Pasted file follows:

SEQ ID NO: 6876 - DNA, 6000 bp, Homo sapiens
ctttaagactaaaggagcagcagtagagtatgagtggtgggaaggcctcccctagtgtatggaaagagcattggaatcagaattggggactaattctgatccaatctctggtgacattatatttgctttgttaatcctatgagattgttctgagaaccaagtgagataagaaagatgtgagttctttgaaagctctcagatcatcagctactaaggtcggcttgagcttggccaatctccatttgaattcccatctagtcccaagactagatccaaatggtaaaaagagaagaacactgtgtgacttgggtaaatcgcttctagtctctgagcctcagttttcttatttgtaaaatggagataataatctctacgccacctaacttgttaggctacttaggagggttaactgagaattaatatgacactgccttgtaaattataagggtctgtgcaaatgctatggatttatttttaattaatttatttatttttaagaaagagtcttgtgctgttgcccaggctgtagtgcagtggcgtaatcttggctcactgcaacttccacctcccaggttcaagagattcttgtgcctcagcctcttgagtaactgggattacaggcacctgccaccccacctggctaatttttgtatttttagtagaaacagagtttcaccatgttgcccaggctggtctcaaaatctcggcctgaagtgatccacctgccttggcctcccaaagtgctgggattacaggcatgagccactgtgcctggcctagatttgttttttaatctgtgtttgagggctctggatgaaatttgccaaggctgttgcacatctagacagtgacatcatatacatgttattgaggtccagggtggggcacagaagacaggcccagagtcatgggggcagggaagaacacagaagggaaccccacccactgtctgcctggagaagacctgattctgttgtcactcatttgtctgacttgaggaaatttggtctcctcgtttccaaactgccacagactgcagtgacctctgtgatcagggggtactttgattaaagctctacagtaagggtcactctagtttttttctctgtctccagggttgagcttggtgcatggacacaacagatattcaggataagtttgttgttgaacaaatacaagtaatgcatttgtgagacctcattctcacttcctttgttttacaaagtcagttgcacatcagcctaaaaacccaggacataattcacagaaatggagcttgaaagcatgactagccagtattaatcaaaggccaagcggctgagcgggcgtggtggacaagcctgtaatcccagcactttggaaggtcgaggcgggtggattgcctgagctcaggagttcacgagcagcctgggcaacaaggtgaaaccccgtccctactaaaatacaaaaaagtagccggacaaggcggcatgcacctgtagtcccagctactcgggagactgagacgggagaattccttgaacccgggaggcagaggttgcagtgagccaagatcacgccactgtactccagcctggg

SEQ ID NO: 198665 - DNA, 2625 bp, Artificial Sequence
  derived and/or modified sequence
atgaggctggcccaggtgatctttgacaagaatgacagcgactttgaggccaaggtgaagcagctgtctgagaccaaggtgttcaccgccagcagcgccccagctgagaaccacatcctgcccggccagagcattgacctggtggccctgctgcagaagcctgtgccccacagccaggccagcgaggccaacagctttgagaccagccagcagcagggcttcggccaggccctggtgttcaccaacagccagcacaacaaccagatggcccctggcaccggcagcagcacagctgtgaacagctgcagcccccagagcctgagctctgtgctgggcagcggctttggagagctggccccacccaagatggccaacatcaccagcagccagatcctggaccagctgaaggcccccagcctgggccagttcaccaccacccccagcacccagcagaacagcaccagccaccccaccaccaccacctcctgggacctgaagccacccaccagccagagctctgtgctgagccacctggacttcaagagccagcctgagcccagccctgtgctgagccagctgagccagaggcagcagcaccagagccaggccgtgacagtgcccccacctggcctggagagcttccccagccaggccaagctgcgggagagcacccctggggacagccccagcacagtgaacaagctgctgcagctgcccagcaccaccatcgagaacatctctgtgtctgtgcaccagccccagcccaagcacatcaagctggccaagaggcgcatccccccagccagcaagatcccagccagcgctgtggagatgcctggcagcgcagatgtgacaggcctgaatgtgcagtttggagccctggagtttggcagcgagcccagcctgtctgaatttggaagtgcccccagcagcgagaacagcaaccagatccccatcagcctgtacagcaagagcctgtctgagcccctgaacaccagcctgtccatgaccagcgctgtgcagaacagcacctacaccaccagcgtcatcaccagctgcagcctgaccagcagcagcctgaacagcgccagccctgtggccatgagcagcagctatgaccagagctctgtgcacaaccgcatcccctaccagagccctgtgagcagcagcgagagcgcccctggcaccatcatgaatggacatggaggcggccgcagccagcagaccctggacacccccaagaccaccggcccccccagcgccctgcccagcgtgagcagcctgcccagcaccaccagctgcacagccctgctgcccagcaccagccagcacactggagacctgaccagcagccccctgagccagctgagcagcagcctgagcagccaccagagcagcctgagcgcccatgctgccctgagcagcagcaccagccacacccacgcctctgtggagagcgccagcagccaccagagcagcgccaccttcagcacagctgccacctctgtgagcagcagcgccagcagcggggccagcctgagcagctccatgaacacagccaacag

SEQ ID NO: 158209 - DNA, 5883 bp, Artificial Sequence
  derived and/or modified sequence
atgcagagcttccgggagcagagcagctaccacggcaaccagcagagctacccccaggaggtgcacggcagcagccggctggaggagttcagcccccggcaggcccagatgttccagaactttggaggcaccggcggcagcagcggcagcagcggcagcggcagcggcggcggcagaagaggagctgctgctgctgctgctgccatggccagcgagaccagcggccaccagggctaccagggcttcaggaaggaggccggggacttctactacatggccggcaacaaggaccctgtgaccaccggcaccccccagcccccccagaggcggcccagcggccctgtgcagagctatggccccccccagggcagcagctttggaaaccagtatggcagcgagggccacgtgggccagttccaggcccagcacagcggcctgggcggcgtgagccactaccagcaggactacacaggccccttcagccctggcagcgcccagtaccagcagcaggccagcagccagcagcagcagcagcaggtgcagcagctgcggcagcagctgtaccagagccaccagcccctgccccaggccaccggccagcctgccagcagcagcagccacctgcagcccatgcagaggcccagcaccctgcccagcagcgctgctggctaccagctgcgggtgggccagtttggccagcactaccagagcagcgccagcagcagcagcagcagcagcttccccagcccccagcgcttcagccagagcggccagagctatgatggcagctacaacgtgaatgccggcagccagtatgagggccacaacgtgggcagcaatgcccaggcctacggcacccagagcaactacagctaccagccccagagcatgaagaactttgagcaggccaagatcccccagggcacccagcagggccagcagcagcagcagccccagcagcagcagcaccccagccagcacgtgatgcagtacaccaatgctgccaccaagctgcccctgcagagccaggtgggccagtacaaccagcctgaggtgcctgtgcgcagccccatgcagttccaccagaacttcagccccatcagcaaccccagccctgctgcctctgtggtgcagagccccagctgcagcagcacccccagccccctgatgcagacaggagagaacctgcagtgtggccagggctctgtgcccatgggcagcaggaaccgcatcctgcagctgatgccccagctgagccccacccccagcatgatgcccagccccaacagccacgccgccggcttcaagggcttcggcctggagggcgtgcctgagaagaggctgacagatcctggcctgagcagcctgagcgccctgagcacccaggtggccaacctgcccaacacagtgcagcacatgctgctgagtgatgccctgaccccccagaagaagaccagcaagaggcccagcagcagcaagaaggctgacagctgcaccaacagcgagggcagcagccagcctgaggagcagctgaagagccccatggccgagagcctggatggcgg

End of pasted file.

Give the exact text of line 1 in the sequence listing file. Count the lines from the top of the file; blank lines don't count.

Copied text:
SEQ ID NO: 6876 - DNA, 6000 bp, Homo sapiens